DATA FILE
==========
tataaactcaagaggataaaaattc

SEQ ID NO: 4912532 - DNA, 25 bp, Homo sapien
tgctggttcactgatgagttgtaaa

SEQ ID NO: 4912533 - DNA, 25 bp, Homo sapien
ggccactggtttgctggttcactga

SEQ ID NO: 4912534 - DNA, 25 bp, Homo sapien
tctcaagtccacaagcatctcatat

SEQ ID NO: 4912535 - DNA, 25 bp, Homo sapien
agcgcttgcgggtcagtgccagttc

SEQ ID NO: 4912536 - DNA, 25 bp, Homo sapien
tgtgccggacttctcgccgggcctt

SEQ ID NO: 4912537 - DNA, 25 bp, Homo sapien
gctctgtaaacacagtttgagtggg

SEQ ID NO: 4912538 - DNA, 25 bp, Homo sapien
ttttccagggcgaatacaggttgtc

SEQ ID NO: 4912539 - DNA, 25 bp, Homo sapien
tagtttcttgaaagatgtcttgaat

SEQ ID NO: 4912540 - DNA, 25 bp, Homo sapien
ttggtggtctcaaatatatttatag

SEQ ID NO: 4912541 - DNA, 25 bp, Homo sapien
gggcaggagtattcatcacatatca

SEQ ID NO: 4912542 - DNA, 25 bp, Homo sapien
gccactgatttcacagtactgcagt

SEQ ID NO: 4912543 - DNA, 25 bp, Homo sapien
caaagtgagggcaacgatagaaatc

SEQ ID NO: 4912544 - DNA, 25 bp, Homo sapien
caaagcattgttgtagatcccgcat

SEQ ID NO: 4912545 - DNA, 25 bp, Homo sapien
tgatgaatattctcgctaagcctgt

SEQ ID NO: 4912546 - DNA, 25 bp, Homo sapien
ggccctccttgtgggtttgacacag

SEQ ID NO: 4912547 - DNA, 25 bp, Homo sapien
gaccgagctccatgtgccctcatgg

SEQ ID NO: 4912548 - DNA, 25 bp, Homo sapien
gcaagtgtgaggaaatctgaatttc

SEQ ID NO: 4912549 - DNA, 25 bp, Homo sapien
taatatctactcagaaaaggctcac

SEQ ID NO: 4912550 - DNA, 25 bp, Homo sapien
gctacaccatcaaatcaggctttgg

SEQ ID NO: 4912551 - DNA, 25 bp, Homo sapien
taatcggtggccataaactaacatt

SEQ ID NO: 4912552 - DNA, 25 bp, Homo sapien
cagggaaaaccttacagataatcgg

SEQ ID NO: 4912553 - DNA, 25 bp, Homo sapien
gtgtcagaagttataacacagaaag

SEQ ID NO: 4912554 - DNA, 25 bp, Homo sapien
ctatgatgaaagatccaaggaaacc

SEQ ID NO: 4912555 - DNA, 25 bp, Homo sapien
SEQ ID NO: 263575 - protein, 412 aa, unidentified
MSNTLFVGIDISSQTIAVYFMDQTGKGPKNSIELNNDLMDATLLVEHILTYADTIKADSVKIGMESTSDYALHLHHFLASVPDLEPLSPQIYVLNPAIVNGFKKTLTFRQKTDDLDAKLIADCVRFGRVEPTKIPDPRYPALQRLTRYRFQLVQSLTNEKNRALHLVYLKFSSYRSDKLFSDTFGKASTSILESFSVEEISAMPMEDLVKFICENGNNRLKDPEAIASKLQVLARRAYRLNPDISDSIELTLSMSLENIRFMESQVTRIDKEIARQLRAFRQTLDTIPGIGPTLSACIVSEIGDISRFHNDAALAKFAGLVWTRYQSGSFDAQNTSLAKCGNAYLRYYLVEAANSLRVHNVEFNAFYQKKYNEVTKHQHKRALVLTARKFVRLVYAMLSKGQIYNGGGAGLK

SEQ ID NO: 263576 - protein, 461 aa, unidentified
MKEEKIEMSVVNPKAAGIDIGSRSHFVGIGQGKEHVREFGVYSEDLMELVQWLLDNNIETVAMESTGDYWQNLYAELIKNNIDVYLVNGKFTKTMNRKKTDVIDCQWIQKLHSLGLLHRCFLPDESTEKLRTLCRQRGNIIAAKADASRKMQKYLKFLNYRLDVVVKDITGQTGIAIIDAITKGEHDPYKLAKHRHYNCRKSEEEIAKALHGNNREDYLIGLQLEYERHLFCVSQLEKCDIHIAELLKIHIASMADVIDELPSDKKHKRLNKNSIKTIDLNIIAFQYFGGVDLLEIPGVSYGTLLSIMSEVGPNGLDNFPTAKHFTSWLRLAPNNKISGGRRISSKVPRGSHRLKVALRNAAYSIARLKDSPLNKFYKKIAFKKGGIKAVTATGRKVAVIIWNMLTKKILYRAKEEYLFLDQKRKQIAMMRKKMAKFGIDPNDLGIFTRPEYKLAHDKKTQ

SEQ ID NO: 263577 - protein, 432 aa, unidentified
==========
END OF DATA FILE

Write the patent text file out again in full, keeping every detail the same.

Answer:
tataaactcaagaggataaaaattc

SEQ ID NO: 4912532 - DNA, 25 bp, Homo sapien
tgctggttcactgatgagttgtaaa

SEQ ID NO: 4912533 - DNA, 25 bp, Homo sapien
ggccactggtttgctggttcactga

SEQ ID NO: 4912534 - DNA, 25 bp, Homo sapien
tctcaagtccacaagcatctcatat

SEQ ID NO: 4912535 - DNA, 25 bp, Homo sapien
agcgcttgcgggtcagtgccagttc

SEQ ID NO: 4912536 - DNA, 25 bp, Homo sapien
tgtgccggacttctcgccgggcctt

SEQ ID NO: 4912537 - DNA, 25 bp, Homo sapien
gctctgtaaacacagtttgagtggg

SEQ ID NO: 4912538 - DNA, 25 bp, Homo sapien
ttttccagggcgaatacaggttgtc

SEQ ID NO: 4912539 - DNA, 25 bp, Homo sapien
tagtttcttgaaagatgtcttgaat

SEQ ID NO: 4912540 - DNA, 25 bp, Homo sapien
ttggtggtctcaaatatatttatag

SEQ ID NO: 4912541 - DNA, 25 bp, Homo sapien
gggcaggagtattcatcacatatca

SEQ ID NO: 4912542 - DNA, 25 bp, Homo sapien
gccactgatttcacagtactgcagt

SEQ ID NO: 4912543 - DNA, 25 bp, Homo sapien
caaagtgagggcaacgatagaaatc

SEQ ID NO: 4912544 - DNA, 25 bp, Homo sapien
caaagcattgttgtagatcccgcat

SEQ ID NO: 4912545 - DNA, 25 bp, Homo sapien
tgatgaatattctcgctaagcctgt

SEQ ID NO: 4912546 - DNA, 25 bp, Homo sapien
ggccctccttgtgggtttgacacag

SEQ ID NO: 4912547 - DNA, 25 bp, Homo sapien
gaccgagctccatgtgccctcatgg

SEQ ID NO: 4912548 - DNA, 25 bp, Homo sapien
gcaagtgtgaggaaatctgaatttc

SEQ ID NO: 4912549 - DNA, 25 bp, Homo sapien
taatatctactcagaaaaggctcac

SEQ ID NO: 4912550 - DNA, 25 bp, Homo sapien
gctacaccatcaaatcaggctttgg

SEQ ID NO: 4912551 - DNA, 25 bp, Homo sapien
taatcggtggccataaactaacatt

SEQ ID NO: 4912552 - DNA, 25 bp, Homo sapien
cagggaaaaccttacagataatcgg

SEQ ID NO: 4912553 - DNA, 25 bp, Homo sapien
gtgtcagaagttataacacagaaag

SEQ ID NO: 4912554 - DNA, 25 bp, Homo sapien
ctatgatgaaagatccaaggaaacc

SEQ ID NO: 4912555 - DNA, 25 bp, Homo sapien
SEQ ID NO: 263575 - protein, 412 aa, unidentified
MSNTLFVGIDISSQTIAVYFMDQTGKGPKNSIELNNDLMDATLLVEHILTYADTIKADSVKIGMESTSDYALHLHHFLASVPDLEPLSPQIYVLNPAIVNGFKKTLTFRQKTDDLDAKLIADCVRFGRVEPTKIPDPRYPALQRLTRYRFQLVQSLTNEKNRALHLVYLKFSSYRSDKLFSDTFGKASTSILESFSVEEISAMPMEDLVKFICENGNNRLKDPEAIASKLQVLARRAYRLNPDISDSIELTLSMSLENIRFMESQVTRIDKEIARQLRAFRQTLDTIPGIGPTLSACIVSEIGDISRFHNDAALAKFAGLVWTRYQSGSFDAQNTSLAKCGNAYLRYYLVEAANSLRVHNVEFNAFYQKKYNEVTKHQHKRALVLTARKFVRLVYAMLSKGQIYNGGGAGLK

SEQ ID NO: 263576 - protein, 461 aa, unidentified
MKEEKIEMSVVNPKAAGIDIGSRSHFVGIGQGKEHVREFGVYSEDLMELVQWLLDNNIETVAMESTGDYWQNLYAELIKNNIDVYLVNGKFTKTMNRKKTDVIDCQWIQKLHSLGLLHRCFLPDESTEKLRTLCRQRGNIIAAKADASRKMQKYLKFLNYRLDVVVKDITGQTGIAIIDAITKGEHDPYKLAKHRHYNCRKSEEEIAKALHGNNREDYLIGLQLEYERHLFCVSQLEKCDIHIAELLKIHIASMADVIDELPSDKKHKRLNKNSIKTIDLNIIAFQYFGGVDLLEIPGVSYGTLLSIMSEVGPNGLDNFPTAKHFTSWLRLAPNNKISGGRRISSKVPRGSHRLKVALRNAAYSIARLKDSPLNKFYKKIAFKKGGIKAVTATGRKVAVIIWNMLTKKILYRAKEEYLFLDQKRKQIAMMRKKMAKFGIDPNDLGIFTRPEYKLAHDKKTQ

SEQ ID NO: 263577 - protein, 432 aa, unidentified